Luv Doc Recommends: Pro Beach Volleyball
Auditorium Shores at the Long Center, Friday, April 29, 2005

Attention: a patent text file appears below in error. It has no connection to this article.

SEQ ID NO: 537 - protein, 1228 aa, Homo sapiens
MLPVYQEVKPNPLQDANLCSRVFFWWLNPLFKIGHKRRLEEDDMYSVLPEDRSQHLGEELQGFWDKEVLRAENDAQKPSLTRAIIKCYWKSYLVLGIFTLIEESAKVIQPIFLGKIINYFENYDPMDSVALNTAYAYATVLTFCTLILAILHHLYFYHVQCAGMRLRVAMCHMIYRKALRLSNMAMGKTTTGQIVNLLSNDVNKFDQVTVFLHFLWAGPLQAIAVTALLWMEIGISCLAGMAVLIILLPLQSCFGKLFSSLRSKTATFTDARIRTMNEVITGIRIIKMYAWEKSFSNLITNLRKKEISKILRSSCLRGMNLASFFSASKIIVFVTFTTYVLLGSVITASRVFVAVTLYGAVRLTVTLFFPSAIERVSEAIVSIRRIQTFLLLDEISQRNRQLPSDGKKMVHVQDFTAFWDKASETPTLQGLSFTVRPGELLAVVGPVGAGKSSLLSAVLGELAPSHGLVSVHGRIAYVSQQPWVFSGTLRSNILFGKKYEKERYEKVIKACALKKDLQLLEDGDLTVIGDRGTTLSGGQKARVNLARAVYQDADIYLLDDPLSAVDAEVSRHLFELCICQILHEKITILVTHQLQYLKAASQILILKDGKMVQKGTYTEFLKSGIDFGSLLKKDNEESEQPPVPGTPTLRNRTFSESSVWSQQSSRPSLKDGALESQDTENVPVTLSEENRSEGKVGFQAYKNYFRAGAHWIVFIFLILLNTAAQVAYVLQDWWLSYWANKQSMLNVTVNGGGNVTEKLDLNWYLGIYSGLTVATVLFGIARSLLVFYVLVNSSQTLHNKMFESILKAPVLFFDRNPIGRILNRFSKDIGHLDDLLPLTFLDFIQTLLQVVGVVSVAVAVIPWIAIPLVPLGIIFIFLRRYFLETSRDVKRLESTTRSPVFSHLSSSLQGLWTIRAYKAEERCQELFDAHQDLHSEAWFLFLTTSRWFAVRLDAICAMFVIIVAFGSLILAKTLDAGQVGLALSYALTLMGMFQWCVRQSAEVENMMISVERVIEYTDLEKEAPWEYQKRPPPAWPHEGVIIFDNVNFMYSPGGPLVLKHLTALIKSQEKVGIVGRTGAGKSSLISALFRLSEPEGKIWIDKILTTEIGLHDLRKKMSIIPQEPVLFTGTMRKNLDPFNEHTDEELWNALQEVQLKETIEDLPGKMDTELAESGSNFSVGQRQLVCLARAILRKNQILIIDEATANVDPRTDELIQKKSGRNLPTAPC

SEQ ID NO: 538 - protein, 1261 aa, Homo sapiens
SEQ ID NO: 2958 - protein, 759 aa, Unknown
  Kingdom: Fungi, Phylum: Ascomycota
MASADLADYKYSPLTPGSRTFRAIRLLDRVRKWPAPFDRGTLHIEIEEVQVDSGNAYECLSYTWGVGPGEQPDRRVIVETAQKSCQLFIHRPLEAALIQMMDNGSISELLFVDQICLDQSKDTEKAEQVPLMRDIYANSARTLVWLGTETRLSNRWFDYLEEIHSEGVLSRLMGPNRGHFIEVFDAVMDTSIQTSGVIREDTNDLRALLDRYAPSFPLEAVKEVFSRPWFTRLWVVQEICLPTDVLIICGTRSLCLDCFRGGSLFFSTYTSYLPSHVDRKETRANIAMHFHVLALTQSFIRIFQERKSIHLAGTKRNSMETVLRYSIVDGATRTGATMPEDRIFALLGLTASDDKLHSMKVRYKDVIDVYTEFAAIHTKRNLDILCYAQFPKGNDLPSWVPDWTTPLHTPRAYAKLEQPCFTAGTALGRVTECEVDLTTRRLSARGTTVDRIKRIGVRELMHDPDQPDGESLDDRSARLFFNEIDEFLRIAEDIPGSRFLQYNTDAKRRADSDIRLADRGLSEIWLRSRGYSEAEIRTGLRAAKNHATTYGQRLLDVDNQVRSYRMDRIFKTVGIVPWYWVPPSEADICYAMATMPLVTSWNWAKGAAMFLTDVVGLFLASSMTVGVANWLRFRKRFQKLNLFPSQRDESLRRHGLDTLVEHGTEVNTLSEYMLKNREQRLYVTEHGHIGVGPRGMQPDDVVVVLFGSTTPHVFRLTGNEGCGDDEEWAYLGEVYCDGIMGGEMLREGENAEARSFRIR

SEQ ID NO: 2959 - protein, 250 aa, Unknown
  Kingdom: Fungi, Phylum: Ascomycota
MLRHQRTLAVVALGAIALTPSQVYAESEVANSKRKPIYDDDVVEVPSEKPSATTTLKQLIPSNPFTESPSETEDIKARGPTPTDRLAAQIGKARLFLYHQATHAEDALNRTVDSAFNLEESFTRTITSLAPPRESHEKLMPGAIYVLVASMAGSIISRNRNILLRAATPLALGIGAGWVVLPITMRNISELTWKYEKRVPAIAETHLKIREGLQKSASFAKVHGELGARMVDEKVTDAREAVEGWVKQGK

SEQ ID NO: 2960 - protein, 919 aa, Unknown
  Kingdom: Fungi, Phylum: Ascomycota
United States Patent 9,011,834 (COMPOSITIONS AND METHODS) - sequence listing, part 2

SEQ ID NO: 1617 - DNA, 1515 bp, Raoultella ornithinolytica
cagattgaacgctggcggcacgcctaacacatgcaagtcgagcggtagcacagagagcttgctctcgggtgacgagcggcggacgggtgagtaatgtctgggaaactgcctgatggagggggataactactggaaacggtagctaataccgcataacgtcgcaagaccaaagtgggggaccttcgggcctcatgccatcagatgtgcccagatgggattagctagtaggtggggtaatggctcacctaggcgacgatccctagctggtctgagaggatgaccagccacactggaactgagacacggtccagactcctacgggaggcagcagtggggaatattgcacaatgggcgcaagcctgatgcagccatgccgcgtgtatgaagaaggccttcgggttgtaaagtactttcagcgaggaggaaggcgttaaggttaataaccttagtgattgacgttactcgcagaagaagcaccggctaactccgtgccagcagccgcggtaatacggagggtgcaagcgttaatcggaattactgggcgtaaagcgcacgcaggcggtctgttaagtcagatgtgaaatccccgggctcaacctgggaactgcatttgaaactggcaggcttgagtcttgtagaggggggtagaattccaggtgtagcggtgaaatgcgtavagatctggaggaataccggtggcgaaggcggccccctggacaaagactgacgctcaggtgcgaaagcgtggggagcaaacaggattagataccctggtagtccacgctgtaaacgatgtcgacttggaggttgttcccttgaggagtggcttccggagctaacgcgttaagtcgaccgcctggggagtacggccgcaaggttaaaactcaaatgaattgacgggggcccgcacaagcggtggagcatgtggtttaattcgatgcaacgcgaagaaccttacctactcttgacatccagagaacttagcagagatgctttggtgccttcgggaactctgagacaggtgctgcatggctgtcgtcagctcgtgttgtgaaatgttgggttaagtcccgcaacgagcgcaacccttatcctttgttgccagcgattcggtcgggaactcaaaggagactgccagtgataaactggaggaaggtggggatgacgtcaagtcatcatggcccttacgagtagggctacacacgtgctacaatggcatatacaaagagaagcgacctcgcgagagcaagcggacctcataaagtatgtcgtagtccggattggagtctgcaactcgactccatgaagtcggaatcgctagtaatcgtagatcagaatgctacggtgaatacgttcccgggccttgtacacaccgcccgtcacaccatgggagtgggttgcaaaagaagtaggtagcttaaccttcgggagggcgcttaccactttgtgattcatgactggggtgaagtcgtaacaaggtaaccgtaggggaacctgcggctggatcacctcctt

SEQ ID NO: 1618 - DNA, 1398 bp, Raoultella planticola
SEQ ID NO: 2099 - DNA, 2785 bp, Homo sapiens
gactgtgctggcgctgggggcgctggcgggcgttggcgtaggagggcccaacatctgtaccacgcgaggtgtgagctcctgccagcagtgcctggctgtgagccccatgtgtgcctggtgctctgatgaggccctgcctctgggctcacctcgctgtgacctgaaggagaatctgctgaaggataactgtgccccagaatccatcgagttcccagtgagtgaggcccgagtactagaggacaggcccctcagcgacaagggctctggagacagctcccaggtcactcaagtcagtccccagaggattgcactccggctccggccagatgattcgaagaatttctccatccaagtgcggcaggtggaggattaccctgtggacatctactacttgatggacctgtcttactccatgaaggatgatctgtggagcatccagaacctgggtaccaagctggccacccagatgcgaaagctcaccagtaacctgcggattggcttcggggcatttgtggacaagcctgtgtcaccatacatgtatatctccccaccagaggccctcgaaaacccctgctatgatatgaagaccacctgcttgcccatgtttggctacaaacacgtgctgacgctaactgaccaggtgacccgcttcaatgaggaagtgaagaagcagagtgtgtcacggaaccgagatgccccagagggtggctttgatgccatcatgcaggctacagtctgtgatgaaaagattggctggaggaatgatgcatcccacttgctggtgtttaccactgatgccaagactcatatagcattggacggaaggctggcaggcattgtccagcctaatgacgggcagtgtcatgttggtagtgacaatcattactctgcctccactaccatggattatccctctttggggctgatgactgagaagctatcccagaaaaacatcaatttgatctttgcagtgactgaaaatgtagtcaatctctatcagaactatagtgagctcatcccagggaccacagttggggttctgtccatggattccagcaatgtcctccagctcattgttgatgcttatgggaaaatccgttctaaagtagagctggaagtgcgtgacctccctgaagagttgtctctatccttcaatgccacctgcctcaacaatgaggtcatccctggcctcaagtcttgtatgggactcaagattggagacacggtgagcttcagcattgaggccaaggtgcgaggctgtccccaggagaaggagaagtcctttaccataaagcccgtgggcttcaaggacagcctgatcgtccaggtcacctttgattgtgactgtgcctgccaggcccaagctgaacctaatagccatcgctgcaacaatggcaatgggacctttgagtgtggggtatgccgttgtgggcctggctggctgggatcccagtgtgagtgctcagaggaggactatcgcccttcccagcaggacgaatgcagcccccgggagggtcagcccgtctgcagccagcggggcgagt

Though it’s not quite as sedentary as baseball or bass fishing, the sport of volleyball attracts more than its share of drunks, laggards, loafers, and stoners. Maybe it’s the attraction of guarding only a few square feet of real estate – seems manageable enough – or maybe it’s the comforting thought that there’s always someone close by to take the blame for a bad set or a missed volley. A game with such diminished personal responsibility seems tailor-made for contemporary American society. In fact, volleyball was invented in 1896 by a YMCA instructor in Holyoke, Mass., named William Morgan, who felt that basketball was a bit too rigorous for his classes of doughy, red-faced businessmen. So, he set out to create a sport that combined elements of basketball, baseball, tennis, and handball, only without all the effort. The result of this ambitious amalgam he called, “mintonette.” Interestingly, Morgan was also a former Springfield College classmate of James Naismith, who in 1891 invented the game of basketball, but somehow avoided the temptation to call it “hoopanette.” Of course, “basketball” wasn’t exactly breaking open the brain bank, but at least Naismith had enough horse sense to avoid making it sound French. Right, so apparently Springfield College didn’t offer Marketing 101, but the sport took off nonetheless – enough to attract a more suitable moniker and, eventually, the legions of layabouts, louts. and degenerates that made Volleyball what it is today. How? By frustrating the living shit out of all the really competitive, in-shape, sportive types who have taken over nearly every other leisure-time activity short of lawn darts (a sport whose inventor wisely had the prescience not to call “kid darts” but which nonetheless proved to be a dismal failure). Yes, it’s a travesty that real drunks have to heave their darts at a wall in a dark, dingy tavern when they could be outside in the fresh air chucking miniature javelins into the neighbor’s dozing housecat, but these are sober times dominated by sober people. Modern volleyball is no exception. It turns out that it’s a real sport. How can you tell? Two sure signs are corporate sponsorship and competitors with washboard abs – an apt enough description of this weekend’s AVP Nissan Series ’05 pro beach volleyball down at Auditorium Shores. Sure, there’s sand, swimsuits, and beer, but the volleyball is all business: two really kick-ass players per side – no awkward oafs from accounting or beer swilling warehouse workers to muck up the game, just graceful, athletic, pile driving spikes and beautiful, balletic, layout saves. It’s a lot of fun to watch, and really, voyeurism is America’s most popular pastime, isn’t it? Plus, if the volleyball gets boring, there are concerts Friday and Saturday night featuring George Clinton and Parliament and Austin’s own I Love You but I’ve Chosen Darkness – sort of a musical mintonette, if you will.